Monday, January 21, 2013

Coming Around (Revisionism)

"Coming around" on an issue is  can be the product of:

1. Careful skepticism with diligent observation
2. Intellectual consideration
3. Proud and stubborn egotism with denial

Well, I've come around recently on a few issues of ludicrous superficiality, so of course, I'll share them. I can also assure you that method #3 was the vehicle in which my change of heart appeared (because with my brick-like intellect and dull gaze, I am incapable of methods #1 and #2).

When I see "PREMIUM" or (God forbid) "LUXURY" on anything, I dismiss it out of hand.  Undershirts that cost $100 or "hand-crafted fruit jam" for $15 is a sucker's bet.  Even $4 for a charred cup of Starbucks is beyond senseless.  There is nothing shaving cream, shampoo, sea salt, or soy sauce can do that would justify a premium designation.  

Then I tried this:

Occasionally (VERY rarely), the premium tag indicates proportionately increased value.
80 cents per cup?  Are you insane?  I railed against it in my own house, refusing to try it because I thought that Mrs. had wasted money on a premium brand.  I made a careful cup of it when nobody was home, and tried it.  Utterly fantastic.  My plan was simple (see #3 above):  I had to deny that I had ever railed against it instead of admitting that I had been a very vocal jerk about it.  

What else?

For walking around the city in winter, they do work.  Now all I have to do is convince everyone that I had never, NEVER spent nearly 45 minutes mocking and articulately ridiculing them element-by-element over martinis at a local gin-joint in the financial district in early December.  I'm NOT saying that I now think they look okay.  I'm saying that I am NOW willing to look silly wearing them.  Big difference.

I also came around on this brand as well:

At the Fly-fishing Show - Marlboro, Mass.

Baron out of Sweden makes interesting bag/luggage lines (some are attractive, some are a bit freaky), and I had dismissed it out of hand as well.  I got their briefcase/shoulderbag and a piece of luggage, and I have to give them high marks.

I wanted something low-key for a briefcase, and this fit the bill.  I had long ago given up on the Orvis Battenkill line for traveling.  And though it's not sexy, LL Bean will take back any piece of luggage when it wears out.  Buy once, and you'll have something (not the original) for decades.  For a large suitcase into which we can all pack for a week, get an LL Bean one, because they will make good on their guaranty even though the baggage checking process will brutalize it.  Again, I'm not endorsing anything, and have not received anything from anybody.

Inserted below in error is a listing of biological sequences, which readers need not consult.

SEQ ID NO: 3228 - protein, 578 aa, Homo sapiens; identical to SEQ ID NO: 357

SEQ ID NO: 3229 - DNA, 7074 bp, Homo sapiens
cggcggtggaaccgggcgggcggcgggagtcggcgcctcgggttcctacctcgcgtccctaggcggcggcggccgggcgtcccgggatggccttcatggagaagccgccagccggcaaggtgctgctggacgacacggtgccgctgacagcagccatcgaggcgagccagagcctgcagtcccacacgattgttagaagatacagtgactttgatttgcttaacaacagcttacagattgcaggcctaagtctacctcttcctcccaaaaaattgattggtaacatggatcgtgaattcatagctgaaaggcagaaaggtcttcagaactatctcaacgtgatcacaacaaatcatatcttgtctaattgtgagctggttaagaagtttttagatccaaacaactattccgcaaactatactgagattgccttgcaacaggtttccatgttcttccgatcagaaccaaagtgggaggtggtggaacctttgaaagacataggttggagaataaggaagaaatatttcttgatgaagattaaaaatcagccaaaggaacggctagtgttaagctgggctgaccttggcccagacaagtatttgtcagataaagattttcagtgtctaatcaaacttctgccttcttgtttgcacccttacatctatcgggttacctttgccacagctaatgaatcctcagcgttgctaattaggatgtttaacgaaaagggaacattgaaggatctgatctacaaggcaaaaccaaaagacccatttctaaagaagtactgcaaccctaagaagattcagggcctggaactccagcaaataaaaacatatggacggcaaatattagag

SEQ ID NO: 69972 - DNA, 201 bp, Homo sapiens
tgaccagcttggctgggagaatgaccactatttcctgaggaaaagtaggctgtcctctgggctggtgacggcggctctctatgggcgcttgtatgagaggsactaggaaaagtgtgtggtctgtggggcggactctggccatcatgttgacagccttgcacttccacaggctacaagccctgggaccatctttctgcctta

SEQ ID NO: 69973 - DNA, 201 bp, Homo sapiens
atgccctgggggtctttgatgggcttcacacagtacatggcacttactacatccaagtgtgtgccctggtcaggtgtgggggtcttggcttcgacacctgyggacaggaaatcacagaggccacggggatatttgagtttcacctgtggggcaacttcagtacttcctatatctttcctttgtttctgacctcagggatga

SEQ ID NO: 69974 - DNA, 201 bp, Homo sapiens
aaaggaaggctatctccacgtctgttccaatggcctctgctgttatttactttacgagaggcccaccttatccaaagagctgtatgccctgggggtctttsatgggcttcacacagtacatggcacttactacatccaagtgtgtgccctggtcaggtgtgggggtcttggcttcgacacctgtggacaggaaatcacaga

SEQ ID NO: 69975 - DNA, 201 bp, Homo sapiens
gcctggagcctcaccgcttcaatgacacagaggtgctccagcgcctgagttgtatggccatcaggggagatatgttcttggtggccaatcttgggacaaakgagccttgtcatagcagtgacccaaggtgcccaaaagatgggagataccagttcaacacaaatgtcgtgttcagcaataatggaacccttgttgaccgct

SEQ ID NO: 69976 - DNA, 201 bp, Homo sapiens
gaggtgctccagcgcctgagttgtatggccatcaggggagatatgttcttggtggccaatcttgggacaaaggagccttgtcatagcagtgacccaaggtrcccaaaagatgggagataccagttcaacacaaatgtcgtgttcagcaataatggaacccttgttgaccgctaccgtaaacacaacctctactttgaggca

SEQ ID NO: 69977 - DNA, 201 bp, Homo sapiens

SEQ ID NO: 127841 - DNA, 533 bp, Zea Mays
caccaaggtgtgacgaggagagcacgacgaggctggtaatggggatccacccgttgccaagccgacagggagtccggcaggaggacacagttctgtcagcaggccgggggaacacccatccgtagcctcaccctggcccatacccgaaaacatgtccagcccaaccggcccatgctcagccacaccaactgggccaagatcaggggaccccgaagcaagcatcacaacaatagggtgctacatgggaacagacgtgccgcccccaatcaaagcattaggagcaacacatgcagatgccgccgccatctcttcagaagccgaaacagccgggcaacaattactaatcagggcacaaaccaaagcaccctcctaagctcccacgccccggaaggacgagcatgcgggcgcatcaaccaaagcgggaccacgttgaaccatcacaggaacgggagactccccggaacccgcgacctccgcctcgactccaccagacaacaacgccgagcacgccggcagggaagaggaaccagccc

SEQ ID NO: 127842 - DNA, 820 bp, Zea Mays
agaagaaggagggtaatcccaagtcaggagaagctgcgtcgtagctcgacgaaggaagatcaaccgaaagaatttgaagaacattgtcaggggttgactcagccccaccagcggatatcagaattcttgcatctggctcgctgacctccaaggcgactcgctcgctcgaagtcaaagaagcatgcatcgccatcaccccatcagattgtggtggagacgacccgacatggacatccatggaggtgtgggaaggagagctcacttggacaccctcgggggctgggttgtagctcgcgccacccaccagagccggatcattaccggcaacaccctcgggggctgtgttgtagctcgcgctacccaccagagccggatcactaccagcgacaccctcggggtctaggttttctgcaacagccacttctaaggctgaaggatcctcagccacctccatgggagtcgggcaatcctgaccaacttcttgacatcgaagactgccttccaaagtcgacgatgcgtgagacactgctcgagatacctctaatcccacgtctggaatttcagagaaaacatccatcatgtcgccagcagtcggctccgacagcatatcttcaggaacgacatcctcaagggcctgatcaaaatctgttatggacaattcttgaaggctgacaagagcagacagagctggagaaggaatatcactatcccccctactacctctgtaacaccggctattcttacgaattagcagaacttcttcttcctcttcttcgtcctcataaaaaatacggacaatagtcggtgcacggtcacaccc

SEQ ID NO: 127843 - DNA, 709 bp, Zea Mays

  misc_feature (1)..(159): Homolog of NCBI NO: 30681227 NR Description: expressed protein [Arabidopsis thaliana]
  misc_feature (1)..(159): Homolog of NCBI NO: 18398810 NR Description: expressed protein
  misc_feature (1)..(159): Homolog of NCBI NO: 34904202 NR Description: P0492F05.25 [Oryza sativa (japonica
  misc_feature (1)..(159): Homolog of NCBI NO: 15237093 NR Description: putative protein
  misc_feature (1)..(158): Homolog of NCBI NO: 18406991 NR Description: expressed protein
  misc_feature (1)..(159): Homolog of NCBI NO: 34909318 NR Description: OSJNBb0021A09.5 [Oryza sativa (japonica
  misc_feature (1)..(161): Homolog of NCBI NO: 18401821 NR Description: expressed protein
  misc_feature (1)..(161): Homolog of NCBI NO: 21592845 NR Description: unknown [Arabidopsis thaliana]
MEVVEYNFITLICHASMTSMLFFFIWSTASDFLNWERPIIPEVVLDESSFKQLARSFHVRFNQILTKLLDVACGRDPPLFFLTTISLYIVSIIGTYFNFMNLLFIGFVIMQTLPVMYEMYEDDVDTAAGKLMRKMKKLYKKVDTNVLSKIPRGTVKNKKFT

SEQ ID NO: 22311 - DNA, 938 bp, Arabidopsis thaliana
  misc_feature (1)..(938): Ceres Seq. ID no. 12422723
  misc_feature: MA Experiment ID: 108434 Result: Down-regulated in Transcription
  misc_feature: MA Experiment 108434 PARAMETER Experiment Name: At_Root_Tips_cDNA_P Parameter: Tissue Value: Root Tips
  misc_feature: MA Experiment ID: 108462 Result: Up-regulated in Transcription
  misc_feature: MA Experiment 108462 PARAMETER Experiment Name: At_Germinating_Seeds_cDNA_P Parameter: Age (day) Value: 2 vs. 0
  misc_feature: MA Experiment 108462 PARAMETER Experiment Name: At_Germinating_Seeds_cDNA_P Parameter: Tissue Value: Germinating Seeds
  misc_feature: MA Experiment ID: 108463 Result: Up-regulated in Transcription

***Note: If you travel by plane on a very regular basis, checking bags accelerates the wear and tear seemingly exponentially.  If you mostly travel by car, or by carry-on, the dynamic may be drastically different.  If your luggage is dusty, dry-rot may be your enemy.

To review: the way I tend to approach things is to obnoxiously dismiss them out of smug self-righteousness, later accept and adopt them fully, deny that I had ever spoken ill of them, and ultimately recommend them for the reasons that had made them popular in the first place.  This hilariously duplicitous approach allows me to hear harmonies when the rest of the world hears (cognitive) dissonance.  In other words, I swear that I sing on key, it just that the rest of the choir is off.

.--. .-.. .- -.-- .. -. --. / .... --- --- -.- -.-- / --- -. / ..-. .-. .. -.. .- -.-- ---...

Handmade cane rods (Germany) at the show in Marlboro.

 A briarwood pipe (not unusual) with a split-cane inlay (unusual).

 The streams in Virginia where I love fishing.  Though I don't get there as often as I'd like to.

 Small native brook trout in vivid colors hide in these whirls, pools, and pockets.

Boston below. 

Friday, January 11, 2013

V V To the Rescue

Vineyard Vines is generally overpriced for my tastes, as I prefer the strategy of waiting it out until clearance opportunities arise. Like a good Yankee, I'm selectively allergic to expenditure. In over a decade of near-constant business travel, I have never forgotten to pack anything, save the time in 2006 when I forgot cuff links. On Sunday evening, after the usual painful goodbyes to the lovelies in my household, it was somewhere in the airport security line when I remembered that I had not packed any socks.

On the other side of the x-ray-nudie-peeping-Tom scanner, a Vineyard Vines shop was about to close. I bought the last five pairs of socks they had. They were offered at a fraction of what I thought they would have been, and because they were solid black, not even the cutesy little whale on them had made them appealing enough to go for full retail. The market forces were in my favor as they lessened the penalty for my absent-minded ness.

A week in San Francisco with conservative and business-safe black socks.

A woman sat at the table next to me with her friend and droned on about her recent trip to Paris. I will spare you the details, the inescapable volume of it forced me to learn more than I cared to know about her 10 days there. From what I could gather, she spent her entire time using her iPhone to plot jogging routes throughout the various districts of Paris, and described each in excruciating detail. Instead of casually strolling in and out of cafe after cafe, sitting and reading, eating and drinking, this vapida spent her vacation there in Lycra and headphones following some route on her phone, and ignoring the worlds greatest restaurants, eschewing conversations with locals, refusing to smoke, abstaining from heavy cream/butter/salt, neglecting the worlds finest wines offered for a pittance, and disregarding the endless art, beautiful clothing, or one of the thousands of parties. I learned all of this in the time it took me to ask for my check and leave.